The Office of the National Coordinator for Health Information Technology Beacon Community program, established under the HITECH act, gives grants to local communities to explore health IT innovations. Three Beacon Communities that have been piloting text-message-based diabetes interventions published a paper in the Journal of Medical Internet Research detailing some challenges and best practices for implementing a mobile health intervention.
Voxiva powered all three interventions. Two of the communities, the Crescent City Community in New Orleans, Louisiana and the Southeast Michigan Community in Detroit, used txt4health, a 14-week program aimed at individuals at risk for diabetes. The other, the Utah Beacon Community in Salt Lake City, used Voxiva’s Care4Life platform, a 26-week program for adults already diagnosed with Type 2 diabetes.
Researchers from all three Beacon sites shared the following six lessons for future texting interventions.
1. “Identify community partners that are willing to engage with and support the program, and leverage their resources and community presence to design the program strategy and reach the target audience.”
Because Utah’s pilot was a randomized clinical trial, all participants had to meet certain requirements that made it hard to go outside of clinical settings to find them. The Michigan and Crescent City groups, however, reached out through local partnerships and various outreach channels, including television, radio, and social media.
“The Crescent City and Southeast Michigan Beacons were challenged in reaching a typically hard-to-reach target audience,” the study authors write. “… They advertised txt4health in public transit, bus shelters, laundromats, barbershops, salons, and other settings frequented by the target audience, which allowed them to optimize outreach while conserving limited resources.”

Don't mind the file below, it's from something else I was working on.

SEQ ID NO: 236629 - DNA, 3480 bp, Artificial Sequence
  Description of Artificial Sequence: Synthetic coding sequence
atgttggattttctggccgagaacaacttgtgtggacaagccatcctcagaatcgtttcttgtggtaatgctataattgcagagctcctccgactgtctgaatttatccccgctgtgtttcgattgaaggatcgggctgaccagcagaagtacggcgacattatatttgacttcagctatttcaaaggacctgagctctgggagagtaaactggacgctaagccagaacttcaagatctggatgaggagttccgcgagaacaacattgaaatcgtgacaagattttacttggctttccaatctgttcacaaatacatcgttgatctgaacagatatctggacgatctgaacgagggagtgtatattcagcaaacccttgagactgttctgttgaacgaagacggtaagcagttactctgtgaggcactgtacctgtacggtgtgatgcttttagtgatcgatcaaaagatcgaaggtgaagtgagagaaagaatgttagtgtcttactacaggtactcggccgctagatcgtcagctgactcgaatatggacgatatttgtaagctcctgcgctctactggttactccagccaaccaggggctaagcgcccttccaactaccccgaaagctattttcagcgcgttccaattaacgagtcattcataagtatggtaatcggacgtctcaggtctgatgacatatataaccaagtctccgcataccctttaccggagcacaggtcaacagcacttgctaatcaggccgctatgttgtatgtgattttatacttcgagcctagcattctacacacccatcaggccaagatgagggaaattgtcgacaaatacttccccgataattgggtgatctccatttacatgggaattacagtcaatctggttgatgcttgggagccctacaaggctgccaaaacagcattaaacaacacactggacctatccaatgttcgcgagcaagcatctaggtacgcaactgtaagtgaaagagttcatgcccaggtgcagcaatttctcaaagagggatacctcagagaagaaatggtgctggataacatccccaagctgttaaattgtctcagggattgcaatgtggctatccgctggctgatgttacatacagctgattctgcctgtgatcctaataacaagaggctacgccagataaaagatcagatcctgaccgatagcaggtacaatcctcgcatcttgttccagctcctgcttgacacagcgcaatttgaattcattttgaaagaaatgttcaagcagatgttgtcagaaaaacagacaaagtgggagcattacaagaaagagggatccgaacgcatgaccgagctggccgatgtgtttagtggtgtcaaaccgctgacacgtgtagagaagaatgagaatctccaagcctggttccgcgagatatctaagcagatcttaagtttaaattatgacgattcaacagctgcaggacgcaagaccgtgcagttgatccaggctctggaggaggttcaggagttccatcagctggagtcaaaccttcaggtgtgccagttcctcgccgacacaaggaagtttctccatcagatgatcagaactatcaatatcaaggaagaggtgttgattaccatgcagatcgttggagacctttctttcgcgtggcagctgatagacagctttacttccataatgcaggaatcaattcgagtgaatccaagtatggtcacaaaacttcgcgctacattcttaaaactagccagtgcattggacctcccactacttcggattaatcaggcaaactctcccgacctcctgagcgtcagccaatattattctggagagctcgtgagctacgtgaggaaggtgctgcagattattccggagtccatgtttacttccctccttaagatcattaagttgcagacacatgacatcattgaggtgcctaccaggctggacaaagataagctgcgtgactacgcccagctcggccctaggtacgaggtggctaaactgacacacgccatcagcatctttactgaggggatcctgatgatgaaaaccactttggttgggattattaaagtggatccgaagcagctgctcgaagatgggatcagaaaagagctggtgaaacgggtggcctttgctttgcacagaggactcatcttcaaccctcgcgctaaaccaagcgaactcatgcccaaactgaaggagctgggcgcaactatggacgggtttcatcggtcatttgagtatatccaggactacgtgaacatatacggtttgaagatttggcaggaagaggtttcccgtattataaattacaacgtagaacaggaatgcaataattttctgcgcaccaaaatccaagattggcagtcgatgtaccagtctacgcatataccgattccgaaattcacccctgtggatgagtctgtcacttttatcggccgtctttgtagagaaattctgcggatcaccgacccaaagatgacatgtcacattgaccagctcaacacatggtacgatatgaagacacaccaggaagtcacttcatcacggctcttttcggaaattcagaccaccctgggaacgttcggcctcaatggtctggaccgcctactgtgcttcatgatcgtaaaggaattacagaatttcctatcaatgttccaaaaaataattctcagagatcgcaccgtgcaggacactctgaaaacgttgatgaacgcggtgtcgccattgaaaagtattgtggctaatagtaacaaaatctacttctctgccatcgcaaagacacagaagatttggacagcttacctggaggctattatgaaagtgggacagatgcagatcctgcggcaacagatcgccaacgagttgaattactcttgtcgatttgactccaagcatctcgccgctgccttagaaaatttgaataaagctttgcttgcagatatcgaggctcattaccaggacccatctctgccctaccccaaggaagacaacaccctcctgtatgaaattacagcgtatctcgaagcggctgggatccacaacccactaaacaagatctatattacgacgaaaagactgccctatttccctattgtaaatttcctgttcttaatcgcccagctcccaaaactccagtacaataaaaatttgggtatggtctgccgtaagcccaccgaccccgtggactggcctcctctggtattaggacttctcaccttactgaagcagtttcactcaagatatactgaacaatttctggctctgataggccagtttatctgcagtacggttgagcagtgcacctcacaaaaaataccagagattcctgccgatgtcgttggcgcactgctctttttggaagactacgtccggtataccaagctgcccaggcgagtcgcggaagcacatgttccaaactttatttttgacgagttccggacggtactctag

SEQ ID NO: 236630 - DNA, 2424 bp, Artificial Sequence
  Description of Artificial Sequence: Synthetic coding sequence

The Crescent City team also leveraged a large retail pharmacy, as well as churches and university student groups, to get the word out about the intervention.
2. “To the extent possible, design outreach, enrollment, and message content around the needs and perspectives of end users to increase program enrollment and engagement.”
The Utah site opted not to modify the Care4Life platform due to the clinically validated nature of the content. But the other two adapted the content of the messages based on the location of the program.
“For example,” the study authors write,” in Southeast Michigan diabetes is often referred to as ‘sugar’. By incorporating this term into the text messages, the txt4health team hoped participants would perceive the program as more accessible and relatable and would thus engage with it more actively.”
The Michigan team also took into account local safety concerns about Detroit neighborhoods, and designed the message to always suggest an indoor alternative to outdoor events.
3. “Anticipate that traditional marketing tactics may be insufficient to drive enrollment, and plan and budget additional staff time and resources for in-person engagement with the target audience to help drive enrollment.”
Enrollment proved a challenge because many members of the target audience were older people with older phones. Users of feature phones without a full keyboard found sometimes found enrollment via texting too taxing, the studies found. Others did not have unlimited text messaging, and opted out of enrollment for that reason. And though the interventions offered online enrollment, many users also had trouble with that. In a post-study phone survey of members of the Utah pilot, 35 percent reported limited or no access to a computer and 38 percent reported having trouble using a web browser.